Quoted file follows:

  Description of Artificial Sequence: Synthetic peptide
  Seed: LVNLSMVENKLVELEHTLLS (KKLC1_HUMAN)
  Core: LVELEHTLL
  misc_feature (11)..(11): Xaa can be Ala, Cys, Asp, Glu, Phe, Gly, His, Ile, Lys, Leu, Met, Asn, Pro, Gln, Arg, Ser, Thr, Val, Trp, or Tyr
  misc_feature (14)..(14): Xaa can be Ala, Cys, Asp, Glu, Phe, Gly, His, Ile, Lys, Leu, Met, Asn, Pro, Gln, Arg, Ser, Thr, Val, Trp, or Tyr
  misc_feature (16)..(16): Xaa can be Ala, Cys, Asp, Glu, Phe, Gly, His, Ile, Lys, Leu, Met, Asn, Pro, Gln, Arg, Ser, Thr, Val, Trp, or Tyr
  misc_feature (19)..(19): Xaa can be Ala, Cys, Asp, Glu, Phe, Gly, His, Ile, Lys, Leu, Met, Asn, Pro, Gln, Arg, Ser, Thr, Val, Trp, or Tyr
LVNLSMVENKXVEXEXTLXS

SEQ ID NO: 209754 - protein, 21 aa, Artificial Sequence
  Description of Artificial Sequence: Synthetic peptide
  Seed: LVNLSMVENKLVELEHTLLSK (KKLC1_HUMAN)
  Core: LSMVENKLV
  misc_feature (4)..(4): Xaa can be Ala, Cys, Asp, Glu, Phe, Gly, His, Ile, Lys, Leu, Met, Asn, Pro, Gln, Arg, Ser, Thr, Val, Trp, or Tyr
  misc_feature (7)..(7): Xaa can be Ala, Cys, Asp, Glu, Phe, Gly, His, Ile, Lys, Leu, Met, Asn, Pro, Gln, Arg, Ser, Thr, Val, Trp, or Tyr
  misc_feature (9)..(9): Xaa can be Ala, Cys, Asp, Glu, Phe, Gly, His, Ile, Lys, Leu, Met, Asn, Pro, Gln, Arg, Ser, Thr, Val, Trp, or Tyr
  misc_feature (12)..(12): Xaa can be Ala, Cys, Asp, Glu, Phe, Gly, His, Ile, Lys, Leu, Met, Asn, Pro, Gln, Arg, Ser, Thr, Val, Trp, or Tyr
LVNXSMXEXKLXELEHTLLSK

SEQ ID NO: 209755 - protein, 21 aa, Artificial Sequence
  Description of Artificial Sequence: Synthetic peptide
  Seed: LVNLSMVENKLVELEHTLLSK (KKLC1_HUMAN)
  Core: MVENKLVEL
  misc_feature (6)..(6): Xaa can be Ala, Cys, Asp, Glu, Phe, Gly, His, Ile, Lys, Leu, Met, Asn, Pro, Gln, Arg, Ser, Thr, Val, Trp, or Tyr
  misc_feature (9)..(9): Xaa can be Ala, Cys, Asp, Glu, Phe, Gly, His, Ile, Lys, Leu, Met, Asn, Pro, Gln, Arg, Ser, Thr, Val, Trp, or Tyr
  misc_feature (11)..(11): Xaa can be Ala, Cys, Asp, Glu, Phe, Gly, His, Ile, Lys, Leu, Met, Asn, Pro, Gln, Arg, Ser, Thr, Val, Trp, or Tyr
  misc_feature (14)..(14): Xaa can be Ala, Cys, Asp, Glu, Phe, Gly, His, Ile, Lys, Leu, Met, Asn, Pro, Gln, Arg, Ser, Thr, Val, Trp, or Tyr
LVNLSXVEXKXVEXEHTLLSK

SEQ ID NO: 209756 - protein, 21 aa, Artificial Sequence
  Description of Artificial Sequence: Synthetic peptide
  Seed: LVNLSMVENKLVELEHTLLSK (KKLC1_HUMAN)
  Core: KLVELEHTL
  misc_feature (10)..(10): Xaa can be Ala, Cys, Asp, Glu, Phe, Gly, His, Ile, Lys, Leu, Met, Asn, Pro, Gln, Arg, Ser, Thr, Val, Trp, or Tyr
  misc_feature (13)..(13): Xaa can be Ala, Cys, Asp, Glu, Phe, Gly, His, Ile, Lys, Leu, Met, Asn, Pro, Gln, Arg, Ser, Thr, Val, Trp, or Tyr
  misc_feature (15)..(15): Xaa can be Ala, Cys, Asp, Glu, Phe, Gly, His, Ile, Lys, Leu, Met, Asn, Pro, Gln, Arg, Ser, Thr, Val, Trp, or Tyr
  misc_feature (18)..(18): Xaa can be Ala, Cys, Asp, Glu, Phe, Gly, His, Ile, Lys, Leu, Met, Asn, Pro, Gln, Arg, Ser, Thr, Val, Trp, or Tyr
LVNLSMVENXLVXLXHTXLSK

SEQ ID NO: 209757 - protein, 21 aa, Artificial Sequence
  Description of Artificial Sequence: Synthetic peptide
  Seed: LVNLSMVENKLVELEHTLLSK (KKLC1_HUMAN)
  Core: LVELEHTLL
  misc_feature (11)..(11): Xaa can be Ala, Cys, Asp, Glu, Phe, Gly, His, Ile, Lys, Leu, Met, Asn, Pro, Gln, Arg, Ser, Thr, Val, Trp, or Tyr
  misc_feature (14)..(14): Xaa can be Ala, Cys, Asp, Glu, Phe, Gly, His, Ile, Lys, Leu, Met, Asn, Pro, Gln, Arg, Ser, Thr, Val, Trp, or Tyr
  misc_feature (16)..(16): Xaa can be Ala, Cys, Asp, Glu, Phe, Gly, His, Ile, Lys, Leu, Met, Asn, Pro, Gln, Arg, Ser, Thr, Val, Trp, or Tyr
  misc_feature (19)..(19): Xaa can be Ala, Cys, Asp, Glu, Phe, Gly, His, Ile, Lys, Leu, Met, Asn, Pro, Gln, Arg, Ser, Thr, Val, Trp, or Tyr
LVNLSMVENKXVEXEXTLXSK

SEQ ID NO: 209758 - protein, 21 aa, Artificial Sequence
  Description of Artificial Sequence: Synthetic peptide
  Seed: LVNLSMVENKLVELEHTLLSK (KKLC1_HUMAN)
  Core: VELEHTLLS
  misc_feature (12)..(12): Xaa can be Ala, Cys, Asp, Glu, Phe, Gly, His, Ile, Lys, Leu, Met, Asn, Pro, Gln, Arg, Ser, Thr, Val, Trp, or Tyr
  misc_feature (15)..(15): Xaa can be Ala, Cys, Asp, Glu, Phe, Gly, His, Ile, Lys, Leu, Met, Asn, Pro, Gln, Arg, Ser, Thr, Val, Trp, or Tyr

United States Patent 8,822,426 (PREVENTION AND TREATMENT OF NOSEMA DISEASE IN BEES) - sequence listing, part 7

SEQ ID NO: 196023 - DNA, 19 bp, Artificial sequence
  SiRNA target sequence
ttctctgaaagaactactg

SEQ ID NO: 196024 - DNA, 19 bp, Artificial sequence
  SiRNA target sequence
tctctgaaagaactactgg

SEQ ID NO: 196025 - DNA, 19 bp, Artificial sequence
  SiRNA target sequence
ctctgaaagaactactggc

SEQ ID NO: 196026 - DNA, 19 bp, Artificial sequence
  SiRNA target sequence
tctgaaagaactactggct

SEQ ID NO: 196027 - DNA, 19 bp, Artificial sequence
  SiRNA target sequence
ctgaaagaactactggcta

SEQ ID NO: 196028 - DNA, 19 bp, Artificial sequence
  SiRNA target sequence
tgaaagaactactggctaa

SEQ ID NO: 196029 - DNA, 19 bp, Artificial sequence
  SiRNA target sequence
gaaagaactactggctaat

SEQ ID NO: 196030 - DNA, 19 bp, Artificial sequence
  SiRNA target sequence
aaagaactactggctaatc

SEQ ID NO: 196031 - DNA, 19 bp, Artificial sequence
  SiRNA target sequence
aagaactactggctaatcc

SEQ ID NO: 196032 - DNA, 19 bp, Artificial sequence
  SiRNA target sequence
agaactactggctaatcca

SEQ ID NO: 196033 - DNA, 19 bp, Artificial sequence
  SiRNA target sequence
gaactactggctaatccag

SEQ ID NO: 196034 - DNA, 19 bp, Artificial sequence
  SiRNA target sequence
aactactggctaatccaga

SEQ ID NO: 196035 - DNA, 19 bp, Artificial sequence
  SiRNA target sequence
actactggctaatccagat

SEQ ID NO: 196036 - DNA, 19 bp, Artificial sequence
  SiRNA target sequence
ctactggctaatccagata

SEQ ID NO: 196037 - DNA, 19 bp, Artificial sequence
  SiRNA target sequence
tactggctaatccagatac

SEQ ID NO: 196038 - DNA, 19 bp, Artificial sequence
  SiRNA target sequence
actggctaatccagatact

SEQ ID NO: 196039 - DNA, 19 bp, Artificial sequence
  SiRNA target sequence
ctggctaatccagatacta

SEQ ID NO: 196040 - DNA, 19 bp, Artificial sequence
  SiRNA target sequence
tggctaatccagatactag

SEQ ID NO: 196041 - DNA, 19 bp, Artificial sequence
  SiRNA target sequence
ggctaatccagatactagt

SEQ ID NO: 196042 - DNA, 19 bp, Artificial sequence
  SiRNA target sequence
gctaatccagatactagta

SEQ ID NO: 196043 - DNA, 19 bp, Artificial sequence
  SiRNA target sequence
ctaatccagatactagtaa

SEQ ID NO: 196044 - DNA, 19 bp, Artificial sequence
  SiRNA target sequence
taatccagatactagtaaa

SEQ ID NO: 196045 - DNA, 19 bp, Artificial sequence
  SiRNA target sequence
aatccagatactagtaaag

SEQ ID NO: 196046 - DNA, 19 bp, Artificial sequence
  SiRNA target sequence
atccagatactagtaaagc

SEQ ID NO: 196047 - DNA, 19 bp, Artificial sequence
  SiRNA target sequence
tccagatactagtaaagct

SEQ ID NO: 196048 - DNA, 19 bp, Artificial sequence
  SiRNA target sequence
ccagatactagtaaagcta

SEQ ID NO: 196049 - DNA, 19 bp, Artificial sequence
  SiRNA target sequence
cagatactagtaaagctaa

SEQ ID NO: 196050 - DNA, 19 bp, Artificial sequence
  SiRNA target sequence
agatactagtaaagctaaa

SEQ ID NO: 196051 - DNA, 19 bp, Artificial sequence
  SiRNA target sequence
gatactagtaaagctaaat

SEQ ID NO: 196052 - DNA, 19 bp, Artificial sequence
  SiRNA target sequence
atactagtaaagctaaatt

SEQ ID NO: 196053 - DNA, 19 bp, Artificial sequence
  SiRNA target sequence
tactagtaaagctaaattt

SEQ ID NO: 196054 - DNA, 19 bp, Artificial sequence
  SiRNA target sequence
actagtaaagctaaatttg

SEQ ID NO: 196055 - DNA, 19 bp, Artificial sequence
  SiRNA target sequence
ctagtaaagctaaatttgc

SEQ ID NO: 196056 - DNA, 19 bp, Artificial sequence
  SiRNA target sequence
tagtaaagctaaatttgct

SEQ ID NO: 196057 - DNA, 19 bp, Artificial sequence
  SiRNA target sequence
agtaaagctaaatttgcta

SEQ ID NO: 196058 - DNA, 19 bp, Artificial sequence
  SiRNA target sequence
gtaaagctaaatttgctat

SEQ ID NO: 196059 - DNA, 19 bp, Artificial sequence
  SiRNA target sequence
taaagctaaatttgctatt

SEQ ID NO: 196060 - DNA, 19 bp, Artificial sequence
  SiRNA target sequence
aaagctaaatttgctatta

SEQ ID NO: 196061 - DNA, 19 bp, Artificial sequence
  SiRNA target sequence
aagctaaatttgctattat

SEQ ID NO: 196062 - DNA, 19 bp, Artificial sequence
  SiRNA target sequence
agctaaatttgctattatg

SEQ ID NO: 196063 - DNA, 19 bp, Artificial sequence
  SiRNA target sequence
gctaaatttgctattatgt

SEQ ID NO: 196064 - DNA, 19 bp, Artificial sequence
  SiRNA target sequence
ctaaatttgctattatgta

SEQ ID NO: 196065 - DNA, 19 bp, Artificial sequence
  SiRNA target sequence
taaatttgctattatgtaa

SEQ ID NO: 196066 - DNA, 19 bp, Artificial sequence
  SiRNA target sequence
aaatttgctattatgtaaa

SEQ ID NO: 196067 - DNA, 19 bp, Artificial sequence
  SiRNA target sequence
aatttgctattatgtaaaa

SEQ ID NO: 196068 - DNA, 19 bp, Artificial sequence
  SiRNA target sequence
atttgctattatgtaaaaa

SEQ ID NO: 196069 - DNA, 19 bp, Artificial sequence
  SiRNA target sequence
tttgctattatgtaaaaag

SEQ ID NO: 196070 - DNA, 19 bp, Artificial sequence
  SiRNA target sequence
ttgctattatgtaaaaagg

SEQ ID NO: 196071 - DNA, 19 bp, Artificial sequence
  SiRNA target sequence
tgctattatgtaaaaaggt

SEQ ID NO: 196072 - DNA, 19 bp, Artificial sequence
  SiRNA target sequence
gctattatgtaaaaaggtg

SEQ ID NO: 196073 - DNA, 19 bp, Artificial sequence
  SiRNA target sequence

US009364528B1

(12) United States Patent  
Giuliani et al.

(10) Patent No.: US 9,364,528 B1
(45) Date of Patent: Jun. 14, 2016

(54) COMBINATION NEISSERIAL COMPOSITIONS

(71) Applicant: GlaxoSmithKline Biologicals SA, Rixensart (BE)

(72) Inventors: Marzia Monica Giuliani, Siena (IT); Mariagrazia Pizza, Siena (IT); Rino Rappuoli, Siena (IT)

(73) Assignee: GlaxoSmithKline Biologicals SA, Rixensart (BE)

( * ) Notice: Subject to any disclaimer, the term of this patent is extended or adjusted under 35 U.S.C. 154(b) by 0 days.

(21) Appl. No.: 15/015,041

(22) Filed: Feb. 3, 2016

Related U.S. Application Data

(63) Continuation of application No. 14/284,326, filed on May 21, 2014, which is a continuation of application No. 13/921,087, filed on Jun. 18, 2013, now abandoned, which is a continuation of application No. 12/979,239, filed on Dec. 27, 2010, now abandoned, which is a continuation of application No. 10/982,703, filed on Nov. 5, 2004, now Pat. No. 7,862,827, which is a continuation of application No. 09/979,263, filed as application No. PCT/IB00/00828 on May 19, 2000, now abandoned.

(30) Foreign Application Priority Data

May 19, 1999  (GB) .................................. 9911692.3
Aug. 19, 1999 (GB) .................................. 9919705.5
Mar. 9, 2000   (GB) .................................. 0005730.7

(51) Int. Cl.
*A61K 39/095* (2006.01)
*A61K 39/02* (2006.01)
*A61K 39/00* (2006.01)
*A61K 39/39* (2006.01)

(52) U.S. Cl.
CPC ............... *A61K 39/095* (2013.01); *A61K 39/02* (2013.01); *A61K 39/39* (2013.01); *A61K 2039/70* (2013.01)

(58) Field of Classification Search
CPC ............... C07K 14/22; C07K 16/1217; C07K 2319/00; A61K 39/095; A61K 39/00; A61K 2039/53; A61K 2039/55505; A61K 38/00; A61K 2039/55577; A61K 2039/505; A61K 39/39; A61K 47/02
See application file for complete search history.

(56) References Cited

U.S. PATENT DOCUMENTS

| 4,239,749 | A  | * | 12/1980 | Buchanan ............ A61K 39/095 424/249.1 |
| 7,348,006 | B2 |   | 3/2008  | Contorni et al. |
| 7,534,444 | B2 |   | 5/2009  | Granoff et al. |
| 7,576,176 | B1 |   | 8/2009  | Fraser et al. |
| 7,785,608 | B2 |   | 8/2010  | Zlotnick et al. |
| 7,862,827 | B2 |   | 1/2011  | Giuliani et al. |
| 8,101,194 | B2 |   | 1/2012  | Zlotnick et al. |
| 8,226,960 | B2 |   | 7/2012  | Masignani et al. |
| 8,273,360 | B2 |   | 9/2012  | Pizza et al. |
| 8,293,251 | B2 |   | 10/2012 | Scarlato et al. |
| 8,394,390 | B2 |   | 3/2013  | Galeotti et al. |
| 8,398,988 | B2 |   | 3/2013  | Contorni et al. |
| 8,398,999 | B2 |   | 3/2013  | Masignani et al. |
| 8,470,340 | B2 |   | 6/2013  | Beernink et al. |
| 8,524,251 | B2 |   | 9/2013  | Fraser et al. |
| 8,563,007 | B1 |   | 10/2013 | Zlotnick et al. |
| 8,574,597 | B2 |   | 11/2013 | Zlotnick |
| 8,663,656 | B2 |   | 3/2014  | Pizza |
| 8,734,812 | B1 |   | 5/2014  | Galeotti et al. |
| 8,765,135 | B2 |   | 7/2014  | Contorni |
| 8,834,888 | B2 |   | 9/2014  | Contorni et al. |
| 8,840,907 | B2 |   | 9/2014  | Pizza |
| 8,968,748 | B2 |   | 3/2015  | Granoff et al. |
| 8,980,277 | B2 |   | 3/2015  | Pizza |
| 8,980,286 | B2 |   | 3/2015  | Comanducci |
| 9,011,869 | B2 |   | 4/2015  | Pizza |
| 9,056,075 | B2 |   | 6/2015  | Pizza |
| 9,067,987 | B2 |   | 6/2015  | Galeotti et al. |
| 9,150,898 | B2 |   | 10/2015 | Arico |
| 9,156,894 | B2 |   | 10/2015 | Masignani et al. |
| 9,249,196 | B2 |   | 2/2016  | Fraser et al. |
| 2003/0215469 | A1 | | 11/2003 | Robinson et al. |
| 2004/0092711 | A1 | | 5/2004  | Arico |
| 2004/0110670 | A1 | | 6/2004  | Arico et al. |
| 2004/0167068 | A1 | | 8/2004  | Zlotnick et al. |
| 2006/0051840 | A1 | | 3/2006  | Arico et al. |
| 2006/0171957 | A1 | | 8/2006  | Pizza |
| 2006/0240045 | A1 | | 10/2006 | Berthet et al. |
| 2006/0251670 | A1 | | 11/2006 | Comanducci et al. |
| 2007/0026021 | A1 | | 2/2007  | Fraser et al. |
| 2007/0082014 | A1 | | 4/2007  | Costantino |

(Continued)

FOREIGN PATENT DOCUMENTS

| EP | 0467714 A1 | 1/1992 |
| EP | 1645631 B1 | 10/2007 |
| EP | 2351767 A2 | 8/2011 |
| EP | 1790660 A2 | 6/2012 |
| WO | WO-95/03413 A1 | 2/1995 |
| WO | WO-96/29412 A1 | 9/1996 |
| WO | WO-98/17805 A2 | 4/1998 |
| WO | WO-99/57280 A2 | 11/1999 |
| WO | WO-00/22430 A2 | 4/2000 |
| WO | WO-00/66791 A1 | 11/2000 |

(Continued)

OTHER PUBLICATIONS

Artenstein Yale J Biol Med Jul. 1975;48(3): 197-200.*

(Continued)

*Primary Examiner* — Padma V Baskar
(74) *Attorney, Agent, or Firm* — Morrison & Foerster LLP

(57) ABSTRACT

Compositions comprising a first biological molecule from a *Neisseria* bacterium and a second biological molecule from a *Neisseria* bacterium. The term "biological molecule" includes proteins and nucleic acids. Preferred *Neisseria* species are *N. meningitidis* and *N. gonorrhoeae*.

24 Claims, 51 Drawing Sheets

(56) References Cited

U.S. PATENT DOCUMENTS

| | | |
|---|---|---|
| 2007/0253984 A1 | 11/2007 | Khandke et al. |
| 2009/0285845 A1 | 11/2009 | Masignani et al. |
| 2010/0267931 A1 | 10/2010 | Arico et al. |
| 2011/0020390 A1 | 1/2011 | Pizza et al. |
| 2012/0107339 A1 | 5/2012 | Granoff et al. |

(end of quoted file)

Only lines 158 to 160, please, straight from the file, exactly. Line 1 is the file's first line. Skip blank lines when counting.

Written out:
  SiRNA target sequence
gtaaagctaaatttgctat

SEQ ID NO: 196059 - DNA, 19 bp, Artificial sequence